"Flight 396... Fsszzz... Heading for the ocean... Zweeee... Planet Aguar... Nyeeeeeaaiee... Omega Sector... Shweeeek..." The last words from a doomed intergalactic passenger transporter, which yielded only one survivor - a little boy. Before he could be rescued, the infant was found by some benevolent sea-sprites who found his dimples irresistible, so they adopted him as an honorary sea-sprite, keeping him safe and jealously guarding him from human would-be rescuers in an impenetrable observatory dome.
That's where Typhoon Thompson comes in. To call him a willing hero would be a bit strong. His sinuses clog at the merest smell of danger and he has a very low pain threshold. But having just been kicked out of the Galactic mothership into a one-man jet-sled, he's not really in a position to complain about his new role in life.
Not terribly keen to get on with his dangerous mission, Typhoon spends a few minutes finding out what his jet-sled can do. The mouse moves the sled forwards or backwards and banks it left and right. Holding down the left button activates the thrusters which shoot the sled across the ocean at a fair lick. The sled in equipped with a laser cannon which releases hot blobs of photons whenever the right button is pressed.
It's not long before Typh comes across the Home Islands, home of Spirit Guardians who help him on his quest. They provide extra lives, extra jet-sleds, even extra weapons *and*, if Typhoon can find certain magic artifacts they help him get inside the observatory dome. Now, the problem is these items are held by colonies of sea-sprites who won't give them up without a fight. But that's what your laser cannon is for, isn't it?
Each colony is made up of a small ring of islets, surrounding a treasury islet where the artifact is kept. As you approach, sea-sprites take to the air in Flyers, seeking retribution for your intrusion either by zapping Typhoon or smashing his jet-sled (or both!).
If Typhoon can blast the Flyers, the sea-sprite occupants are thrown into the water and start swimming for their island. Quickly, Typhoon has to swoop down towards them, pluck them from the water and stuff them in a sack.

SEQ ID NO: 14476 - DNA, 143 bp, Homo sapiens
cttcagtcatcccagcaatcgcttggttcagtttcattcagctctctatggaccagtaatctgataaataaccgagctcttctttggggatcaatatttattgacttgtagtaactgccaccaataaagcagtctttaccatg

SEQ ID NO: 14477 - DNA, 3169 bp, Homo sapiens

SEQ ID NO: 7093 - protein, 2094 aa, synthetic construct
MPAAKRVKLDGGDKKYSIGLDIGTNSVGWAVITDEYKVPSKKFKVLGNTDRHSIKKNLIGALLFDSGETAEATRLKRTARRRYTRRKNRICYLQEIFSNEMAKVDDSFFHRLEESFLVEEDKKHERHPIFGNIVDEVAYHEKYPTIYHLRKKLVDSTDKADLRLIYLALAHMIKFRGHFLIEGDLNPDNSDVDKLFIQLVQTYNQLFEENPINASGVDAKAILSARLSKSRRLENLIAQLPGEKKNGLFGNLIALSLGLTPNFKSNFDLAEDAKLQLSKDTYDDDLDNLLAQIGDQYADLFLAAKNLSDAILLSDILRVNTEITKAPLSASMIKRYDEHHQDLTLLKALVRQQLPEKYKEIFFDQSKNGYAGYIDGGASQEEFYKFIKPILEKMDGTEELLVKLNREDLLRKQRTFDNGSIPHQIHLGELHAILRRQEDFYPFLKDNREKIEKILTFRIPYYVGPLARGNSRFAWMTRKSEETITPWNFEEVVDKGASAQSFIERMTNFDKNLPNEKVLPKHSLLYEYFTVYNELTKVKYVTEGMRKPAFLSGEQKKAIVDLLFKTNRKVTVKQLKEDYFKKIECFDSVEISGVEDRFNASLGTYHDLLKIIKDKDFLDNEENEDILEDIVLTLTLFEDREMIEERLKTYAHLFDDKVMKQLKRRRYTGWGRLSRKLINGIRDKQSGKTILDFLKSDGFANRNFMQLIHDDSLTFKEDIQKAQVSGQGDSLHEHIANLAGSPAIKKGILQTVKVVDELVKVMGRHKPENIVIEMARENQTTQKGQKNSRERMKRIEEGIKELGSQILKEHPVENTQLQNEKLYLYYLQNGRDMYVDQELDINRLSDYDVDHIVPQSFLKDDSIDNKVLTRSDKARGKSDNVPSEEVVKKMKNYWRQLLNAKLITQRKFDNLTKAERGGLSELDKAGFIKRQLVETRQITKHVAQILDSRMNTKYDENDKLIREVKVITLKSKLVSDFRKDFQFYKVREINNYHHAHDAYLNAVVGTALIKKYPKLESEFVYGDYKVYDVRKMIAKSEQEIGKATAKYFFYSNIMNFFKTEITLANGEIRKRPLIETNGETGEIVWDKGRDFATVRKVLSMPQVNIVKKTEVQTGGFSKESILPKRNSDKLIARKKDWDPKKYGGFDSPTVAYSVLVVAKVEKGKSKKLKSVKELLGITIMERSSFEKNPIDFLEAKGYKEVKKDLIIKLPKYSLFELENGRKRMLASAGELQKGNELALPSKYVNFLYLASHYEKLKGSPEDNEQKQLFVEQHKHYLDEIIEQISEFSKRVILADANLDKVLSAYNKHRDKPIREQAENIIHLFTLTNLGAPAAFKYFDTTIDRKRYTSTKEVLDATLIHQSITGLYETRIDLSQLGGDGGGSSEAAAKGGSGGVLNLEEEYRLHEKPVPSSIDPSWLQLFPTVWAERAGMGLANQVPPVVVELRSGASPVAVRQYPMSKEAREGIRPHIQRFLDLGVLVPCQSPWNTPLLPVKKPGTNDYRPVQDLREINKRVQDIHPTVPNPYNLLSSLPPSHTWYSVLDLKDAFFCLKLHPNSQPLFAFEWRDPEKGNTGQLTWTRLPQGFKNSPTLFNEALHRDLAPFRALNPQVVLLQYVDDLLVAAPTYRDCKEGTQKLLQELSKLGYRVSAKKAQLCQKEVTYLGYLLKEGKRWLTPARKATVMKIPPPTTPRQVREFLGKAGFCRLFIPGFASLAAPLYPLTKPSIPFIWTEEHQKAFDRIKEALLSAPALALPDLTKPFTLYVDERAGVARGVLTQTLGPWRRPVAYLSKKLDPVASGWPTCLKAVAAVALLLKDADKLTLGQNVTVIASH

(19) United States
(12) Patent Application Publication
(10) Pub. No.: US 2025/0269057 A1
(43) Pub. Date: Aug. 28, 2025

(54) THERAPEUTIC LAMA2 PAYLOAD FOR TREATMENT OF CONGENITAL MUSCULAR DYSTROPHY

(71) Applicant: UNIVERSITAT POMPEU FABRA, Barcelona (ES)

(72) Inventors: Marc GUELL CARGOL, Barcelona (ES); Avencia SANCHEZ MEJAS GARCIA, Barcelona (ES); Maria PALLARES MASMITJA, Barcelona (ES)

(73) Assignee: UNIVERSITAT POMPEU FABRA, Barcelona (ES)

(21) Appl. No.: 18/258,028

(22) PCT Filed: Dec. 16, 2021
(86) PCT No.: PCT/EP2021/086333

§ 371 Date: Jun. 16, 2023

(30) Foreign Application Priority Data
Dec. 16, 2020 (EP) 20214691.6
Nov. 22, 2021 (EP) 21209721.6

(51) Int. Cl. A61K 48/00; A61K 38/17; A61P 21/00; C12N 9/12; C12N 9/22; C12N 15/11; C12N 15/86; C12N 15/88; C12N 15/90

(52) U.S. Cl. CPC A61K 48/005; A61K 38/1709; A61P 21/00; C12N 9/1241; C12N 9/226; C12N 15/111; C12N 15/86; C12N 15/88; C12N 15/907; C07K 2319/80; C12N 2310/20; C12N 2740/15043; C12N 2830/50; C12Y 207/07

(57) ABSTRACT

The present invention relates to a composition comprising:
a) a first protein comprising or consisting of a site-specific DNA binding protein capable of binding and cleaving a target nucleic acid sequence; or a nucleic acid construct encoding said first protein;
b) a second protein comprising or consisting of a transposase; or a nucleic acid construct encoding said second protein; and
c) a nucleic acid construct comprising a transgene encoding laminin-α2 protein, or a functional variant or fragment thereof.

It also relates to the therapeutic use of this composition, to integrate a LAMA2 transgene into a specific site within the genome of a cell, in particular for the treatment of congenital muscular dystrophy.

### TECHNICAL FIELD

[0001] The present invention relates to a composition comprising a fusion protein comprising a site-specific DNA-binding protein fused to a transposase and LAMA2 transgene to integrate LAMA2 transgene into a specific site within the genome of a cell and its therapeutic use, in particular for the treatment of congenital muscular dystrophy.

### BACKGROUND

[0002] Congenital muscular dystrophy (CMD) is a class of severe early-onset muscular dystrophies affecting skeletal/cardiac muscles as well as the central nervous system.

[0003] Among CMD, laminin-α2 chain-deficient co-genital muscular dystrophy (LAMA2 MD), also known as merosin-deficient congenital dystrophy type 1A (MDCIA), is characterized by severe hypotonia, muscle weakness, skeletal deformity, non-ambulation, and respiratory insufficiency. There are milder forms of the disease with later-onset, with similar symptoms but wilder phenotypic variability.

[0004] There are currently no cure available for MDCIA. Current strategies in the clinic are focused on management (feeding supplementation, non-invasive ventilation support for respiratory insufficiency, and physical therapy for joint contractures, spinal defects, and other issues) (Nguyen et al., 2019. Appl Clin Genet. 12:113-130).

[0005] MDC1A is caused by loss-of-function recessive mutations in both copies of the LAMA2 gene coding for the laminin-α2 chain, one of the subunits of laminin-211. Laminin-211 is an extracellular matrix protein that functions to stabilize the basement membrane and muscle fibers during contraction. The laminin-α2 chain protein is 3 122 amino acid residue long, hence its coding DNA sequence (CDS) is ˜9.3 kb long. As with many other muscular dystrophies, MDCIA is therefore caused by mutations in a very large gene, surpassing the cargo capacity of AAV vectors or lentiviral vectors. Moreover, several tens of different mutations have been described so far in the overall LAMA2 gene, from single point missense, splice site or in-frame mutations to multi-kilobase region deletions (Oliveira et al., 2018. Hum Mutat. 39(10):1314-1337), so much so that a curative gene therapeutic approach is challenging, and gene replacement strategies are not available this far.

Once he's captured every sea-sprite, Typhoon can take them to the treasury island and hold them to ransom. The treasurer sprite has no option but to hand over the artifact in return for his kidnapped comrades, and once Typh has it in his sack, he can return to the Home Islands and hand it over to the Spirit Guardians, to receive an extra life and his next mission.
At the end of the fourth mission, Typhoon will have all the artifacts the Spirit Guardians need, allowing him, in a last desperate battle, to rescue the sea child and save the day, good, eh?
Actually, "good" is a very inadequate term for describing this game. Typhoon Thompson is... well, let me just say this...
Graphically, the game is astounding. The action is displayed in thoroughly convincing 3D - a plus point in itself, but on top of that there are a whole host of design touches which put Typhoon Thompson head and shoulders above other games. You've heard the term "cartoon-quality graphics"? It's been used many times but this is the first game that really lives up to the promise.
The game opens as Typhoon is kicked out of a flying saucer, a scene which is displayed in one of three superbly comic ways. The best shows him hanging onto a gantry until a ship's officer comes out and stamps on his fingers! Brilliant! But that's not all...
The programmer at Broderbund, Dan Govlin (he produced Choplifter - remember that?) has put hours of work into animating every little sprite to such a degree that they seem to have a life of their own. The treasure sea-sprite's reaction when Typhoon presents him with a sackful of his mates is a joy to behold. And when he toe-punts the sack into the treasury... Amazing! There's even an afterblur effect to make the movement seem more fluid. Sound too is beautifully orchestrated. Not only is the music good, the sound effects are very cartoony and are perfectly synchronised to the action.
You might think that with such brilliant graphics, the programmers have let gameplay take a back seat, and to some extent it would be true. Typhoon Thompson isn't a complex game to play, and there are only four missions, but it's adequate entertainment because those graphics make it such fun that you keep coming back for more.
So what was I saying? Oh yes, Typhoon Thompson is one of the best games I've seen recently on the ST. Beg, borrow or steal a copy... now!